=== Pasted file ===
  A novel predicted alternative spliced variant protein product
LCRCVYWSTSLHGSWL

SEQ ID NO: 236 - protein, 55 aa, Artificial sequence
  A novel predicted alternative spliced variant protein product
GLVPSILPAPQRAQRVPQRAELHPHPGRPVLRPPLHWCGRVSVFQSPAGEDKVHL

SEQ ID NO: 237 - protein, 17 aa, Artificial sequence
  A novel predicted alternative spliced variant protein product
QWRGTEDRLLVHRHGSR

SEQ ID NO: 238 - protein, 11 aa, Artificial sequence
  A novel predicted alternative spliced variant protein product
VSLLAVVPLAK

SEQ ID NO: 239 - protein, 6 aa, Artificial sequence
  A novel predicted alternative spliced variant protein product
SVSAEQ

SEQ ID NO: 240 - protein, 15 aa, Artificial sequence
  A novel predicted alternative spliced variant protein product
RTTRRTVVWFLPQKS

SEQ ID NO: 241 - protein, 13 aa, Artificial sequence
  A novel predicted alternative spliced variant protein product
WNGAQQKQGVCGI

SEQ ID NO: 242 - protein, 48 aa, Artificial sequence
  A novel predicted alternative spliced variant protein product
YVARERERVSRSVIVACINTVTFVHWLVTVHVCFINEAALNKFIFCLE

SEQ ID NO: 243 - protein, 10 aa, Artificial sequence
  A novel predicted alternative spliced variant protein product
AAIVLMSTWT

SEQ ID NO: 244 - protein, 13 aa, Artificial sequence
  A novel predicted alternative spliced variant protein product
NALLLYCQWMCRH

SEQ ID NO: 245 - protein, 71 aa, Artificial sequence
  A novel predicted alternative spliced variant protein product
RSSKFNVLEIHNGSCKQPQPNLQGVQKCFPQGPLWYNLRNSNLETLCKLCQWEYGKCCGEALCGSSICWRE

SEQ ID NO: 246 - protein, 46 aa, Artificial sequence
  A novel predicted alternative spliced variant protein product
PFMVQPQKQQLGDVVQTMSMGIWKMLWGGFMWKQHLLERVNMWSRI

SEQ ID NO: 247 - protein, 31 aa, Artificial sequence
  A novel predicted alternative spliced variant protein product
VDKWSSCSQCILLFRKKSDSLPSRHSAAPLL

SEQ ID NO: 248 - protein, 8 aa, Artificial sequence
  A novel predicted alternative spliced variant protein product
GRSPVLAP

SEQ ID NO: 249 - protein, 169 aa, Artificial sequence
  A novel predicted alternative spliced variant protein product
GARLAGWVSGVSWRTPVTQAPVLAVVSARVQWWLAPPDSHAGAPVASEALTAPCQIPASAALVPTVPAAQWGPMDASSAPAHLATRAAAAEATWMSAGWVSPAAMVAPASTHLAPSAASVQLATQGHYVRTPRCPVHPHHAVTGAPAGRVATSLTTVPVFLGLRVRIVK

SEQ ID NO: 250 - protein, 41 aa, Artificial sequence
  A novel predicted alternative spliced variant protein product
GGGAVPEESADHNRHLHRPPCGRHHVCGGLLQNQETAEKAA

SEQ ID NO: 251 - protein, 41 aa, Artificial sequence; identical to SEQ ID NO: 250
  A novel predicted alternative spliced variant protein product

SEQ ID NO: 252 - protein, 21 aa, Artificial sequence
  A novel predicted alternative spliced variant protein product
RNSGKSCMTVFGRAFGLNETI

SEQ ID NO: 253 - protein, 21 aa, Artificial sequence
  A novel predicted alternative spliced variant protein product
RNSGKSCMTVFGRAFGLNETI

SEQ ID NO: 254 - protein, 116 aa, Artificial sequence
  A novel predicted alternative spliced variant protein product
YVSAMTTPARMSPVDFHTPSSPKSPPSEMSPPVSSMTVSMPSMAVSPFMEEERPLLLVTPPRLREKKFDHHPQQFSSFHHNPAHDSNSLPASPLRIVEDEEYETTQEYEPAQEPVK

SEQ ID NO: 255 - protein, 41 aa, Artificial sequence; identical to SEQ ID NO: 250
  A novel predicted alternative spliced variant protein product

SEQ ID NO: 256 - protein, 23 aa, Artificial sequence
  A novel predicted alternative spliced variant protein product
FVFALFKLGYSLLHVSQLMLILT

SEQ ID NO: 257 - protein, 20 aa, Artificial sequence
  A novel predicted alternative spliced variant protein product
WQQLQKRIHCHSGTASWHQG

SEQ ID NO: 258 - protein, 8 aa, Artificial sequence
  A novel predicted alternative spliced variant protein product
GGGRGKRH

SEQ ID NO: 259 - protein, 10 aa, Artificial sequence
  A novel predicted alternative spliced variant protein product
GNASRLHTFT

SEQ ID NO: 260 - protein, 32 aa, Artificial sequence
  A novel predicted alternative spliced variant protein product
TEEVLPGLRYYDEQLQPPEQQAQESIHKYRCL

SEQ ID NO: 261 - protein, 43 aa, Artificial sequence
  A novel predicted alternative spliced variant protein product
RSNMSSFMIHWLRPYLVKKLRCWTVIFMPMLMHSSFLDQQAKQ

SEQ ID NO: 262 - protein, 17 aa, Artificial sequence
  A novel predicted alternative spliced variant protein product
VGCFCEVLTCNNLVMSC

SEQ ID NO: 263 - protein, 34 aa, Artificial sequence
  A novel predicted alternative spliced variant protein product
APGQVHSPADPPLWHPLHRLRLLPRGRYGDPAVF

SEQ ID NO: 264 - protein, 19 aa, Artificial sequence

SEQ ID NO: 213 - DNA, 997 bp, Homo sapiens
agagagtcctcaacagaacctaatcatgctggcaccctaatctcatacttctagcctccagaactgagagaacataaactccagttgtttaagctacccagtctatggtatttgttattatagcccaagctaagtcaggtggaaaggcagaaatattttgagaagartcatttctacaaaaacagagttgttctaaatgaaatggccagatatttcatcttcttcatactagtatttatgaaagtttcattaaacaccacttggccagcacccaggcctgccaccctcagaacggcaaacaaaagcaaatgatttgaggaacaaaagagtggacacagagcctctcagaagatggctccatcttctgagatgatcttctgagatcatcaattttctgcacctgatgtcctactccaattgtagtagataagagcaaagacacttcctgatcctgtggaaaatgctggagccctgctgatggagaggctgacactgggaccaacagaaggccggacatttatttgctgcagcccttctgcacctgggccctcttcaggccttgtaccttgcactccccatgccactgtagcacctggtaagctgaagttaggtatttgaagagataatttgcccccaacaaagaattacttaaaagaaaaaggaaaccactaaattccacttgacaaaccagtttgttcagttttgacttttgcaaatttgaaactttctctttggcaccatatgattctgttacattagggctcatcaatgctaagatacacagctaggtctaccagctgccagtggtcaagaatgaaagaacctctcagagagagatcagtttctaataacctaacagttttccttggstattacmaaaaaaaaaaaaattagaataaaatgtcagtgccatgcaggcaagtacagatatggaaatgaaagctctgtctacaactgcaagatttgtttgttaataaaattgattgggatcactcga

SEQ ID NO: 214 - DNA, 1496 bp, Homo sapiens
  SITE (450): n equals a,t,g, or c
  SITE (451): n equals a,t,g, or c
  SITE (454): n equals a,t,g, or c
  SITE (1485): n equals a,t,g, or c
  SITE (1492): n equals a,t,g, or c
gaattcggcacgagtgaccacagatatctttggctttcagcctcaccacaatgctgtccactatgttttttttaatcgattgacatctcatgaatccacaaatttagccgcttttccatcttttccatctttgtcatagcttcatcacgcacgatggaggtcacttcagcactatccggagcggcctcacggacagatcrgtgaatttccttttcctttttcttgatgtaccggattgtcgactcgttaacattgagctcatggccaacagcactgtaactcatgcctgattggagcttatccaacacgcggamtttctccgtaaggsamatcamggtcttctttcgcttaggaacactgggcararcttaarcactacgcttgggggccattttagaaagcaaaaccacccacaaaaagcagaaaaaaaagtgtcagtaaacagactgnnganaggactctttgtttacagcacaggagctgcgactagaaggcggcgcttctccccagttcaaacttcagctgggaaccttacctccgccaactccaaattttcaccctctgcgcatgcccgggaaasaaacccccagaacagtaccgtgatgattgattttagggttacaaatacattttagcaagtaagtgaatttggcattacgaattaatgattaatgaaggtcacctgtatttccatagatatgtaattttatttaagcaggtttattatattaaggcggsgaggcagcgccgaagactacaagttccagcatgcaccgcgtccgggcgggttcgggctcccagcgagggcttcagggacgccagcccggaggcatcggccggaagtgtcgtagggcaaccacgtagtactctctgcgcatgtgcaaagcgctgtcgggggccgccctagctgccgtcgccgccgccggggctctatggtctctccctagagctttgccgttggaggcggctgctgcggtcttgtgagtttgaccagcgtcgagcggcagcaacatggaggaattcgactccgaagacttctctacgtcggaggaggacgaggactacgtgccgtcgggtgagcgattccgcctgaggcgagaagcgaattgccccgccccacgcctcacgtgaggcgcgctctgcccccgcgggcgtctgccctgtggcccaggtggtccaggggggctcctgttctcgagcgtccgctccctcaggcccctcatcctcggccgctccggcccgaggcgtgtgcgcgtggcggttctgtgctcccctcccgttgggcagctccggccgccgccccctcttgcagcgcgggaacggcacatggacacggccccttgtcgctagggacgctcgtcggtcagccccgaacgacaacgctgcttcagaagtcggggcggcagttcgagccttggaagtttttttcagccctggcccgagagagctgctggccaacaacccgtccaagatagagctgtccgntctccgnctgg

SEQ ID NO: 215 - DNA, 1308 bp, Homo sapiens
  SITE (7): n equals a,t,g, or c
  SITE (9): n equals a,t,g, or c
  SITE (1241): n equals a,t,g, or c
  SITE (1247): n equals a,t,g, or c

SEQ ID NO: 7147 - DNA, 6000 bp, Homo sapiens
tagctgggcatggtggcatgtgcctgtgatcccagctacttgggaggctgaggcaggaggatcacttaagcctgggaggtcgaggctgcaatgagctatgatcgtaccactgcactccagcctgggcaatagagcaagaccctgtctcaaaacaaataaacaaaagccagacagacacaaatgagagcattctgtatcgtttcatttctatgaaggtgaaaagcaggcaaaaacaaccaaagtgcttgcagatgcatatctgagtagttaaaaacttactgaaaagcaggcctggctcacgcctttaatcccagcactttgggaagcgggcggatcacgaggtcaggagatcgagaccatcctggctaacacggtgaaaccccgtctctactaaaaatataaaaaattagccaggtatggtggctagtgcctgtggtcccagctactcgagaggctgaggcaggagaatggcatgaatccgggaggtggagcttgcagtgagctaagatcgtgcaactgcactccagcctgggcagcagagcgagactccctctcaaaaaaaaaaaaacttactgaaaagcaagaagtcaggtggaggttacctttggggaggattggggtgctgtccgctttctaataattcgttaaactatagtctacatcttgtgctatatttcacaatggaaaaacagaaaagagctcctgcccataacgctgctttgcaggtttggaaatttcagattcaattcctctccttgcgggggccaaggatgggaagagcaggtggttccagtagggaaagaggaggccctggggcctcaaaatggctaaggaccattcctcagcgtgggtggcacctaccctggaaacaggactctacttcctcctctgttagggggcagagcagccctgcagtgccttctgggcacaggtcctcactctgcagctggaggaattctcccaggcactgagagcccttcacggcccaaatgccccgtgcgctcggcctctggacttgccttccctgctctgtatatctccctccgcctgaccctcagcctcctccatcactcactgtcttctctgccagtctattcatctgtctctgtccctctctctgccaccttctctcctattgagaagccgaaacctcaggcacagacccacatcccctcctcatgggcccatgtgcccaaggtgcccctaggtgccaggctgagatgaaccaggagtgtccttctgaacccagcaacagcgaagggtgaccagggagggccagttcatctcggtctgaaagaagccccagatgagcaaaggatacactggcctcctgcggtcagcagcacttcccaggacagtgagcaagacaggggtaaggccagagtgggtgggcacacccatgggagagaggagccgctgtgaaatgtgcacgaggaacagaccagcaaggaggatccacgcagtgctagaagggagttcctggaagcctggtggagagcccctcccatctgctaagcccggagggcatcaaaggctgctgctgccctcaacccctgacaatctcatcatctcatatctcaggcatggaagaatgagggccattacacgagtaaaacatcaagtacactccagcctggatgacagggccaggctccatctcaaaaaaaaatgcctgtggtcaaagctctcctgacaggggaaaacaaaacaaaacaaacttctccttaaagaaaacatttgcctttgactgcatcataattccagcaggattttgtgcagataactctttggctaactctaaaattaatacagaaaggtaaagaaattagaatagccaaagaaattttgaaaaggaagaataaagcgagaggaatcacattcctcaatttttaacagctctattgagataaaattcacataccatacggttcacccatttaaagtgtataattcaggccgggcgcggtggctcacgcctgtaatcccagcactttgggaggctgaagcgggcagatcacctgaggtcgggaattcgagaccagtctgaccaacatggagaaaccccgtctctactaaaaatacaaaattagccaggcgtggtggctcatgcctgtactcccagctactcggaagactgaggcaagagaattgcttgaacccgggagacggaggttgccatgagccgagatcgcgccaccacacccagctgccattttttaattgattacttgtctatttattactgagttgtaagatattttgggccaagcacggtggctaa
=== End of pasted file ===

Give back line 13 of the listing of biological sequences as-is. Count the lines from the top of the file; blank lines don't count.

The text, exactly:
  A novel predicted alternative spliced variant protein product